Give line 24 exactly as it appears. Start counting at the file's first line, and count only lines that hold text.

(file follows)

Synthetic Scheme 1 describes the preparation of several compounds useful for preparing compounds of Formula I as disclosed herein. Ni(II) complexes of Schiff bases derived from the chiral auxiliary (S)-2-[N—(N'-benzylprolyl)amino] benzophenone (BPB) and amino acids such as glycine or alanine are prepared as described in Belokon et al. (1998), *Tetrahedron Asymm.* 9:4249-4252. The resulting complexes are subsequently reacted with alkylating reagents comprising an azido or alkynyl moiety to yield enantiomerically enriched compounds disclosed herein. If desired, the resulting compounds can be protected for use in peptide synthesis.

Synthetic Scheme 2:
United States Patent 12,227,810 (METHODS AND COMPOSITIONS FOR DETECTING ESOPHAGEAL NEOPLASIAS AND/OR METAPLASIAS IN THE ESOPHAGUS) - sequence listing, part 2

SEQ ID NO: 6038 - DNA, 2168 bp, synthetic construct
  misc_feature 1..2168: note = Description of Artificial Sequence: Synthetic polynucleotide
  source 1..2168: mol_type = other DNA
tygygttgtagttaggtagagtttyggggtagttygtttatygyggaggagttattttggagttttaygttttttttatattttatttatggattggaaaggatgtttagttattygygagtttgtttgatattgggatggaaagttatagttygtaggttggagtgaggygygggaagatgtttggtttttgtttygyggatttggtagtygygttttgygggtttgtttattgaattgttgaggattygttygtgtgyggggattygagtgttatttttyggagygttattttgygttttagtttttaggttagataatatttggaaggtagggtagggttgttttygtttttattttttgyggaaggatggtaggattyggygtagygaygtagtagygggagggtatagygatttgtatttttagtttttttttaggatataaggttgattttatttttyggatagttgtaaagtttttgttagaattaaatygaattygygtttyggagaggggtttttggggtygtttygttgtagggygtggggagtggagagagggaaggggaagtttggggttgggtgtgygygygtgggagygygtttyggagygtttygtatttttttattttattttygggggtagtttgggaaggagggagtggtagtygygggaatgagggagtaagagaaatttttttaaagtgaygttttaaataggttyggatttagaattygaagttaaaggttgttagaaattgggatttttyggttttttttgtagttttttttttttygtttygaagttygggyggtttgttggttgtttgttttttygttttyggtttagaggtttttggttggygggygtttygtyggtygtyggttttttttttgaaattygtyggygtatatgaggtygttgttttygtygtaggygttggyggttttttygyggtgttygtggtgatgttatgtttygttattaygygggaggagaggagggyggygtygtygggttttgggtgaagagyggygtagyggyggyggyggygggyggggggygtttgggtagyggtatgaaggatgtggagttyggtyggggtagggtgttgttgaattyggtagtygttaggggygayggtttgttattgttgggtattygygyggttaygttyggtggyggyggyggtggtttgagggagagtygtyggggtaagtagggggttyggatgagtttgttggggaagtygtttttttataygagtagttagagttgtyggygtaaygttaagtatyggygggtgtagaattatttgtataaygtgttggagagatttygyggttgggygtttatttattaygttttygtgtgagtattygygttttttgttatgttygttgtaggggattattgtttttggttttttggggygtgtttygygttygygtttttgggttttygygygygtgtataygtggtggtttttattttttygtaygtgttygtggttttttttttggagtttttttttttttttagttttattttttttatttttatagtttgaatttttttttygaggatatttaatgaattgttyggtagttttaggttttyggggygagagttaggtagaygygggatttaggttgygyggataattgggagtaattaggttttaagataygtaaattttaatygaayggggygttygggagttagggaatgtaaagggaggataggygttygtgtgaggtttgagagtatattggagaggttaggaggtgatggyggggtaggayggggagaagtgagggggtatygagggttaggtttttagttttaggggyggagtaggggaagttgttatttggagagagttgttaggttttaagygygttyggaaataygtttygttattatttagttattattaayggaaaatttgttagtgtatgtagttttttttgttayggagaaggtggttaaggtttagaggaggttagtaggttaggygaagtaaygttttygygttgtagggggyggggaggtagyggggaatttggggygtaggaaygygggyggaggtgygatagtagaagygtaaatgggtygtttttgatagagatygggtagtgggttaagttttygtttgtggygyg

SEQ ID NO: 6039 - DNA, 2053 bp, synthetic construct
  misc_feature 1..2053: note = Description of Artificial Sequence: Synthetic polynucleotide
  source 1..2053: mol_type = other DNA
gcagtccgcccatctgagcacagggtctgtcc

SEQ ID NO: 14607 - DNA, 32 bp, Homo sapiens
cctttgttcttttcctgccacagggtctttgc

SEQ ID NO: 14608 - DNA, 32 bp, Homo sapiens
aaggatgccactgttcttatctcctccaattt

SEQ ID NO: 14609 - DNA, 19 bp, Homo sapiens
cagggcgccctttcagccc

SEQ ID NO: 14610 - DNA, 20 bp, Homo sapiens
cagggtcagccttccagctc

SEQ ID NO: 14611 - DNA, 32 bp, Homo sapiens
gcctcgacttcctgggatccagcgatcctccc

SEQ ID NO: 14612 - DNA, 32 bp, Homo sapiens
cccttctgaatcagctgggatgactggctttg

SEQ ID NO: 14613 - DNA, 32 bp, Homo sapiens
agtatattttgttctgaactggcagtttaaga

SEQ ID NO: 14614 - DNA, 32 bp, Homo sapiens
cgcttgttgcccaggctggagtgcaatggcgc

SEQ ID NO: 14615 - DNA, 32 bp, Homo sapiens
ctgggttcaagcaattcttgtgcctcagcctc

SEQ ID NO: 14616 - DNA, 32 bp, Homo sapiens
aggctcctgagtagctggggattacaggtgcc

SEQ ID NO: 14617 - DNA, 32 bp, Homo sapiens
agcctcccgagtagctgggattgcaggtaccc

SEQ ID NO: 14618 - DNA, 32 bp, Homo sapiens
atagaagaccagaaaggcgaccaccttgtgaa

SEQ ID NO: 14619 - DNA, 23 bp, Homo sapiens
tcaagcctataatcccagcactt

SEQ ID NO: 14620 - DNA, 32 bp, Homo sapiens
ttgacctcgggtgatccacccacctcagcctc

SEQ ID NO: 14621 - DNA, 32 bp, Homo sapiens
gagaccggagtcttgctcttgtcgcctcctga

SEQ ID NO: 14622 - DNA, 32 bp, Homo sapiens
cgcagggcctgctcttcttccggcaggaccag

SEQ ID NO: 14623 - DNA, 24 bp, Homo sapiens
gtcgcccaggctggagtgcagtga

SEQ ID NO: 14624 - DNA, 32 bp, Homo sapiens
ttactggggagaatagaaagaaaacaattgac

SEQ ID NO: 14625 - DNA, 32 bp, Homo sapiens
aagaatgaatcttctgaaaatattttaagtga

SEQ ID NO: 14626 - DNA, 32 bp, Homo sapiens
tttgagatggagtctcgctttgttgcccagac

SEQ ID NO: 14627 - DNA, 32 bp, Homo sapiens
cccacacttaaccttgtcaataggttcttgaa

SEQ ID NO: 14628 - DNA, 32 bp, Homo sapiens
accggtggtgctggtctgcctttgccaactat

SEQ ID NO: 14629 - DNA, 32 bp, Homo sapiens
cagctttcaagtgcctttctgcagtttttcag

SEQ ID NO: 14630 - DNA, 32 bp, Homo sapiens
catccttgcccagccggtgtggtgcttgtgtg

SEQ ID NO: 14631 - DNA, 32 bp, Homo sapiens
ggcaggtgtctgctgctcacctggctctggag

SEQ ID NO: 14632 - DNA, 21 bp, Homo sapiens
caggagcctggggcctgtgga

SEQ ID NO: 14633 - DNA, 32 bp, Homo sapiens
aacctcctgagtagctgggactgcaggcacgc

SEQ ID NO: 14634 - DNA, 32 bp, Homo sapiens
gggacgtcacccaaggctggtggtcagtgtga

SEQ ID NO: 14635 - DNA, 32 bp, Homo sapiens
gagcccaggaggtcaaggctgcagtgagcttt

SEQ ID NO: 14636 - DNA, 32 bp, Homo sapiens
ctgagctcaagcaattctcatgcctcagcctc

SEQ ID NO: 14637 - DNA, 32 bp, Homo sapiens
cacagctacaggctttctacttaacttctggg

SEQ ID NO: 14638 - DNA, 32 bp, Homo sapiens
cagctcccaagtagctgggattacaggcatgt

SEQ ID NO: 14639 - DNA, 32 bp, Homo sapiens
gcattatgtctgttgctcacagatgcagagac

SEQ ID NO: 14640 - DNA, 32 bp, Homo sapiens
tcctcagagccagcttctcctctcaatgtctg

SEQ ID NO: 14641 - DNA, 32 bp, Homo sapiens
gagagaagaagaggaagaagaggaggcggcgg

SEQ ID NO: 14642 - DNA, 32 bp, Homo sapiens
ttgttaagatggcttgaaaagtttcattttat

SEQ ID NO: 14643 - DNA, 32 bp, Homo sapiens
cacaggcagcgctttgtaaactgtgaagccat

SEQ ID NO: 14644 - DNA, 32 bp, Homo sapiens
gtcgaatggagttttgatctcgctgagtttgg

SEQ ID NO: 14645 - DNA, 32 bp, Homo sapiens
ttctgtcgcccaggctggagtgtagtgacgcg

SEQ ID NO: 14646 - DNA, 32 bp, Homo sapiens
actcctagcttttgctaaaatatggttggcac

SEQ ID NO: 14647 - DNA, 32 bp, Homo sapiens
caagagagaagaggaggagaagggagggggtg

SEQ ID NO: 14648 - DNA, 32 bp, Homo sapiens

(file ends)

SEQ ID NO: 14613 - DNA, 32 bp, Homo sapiens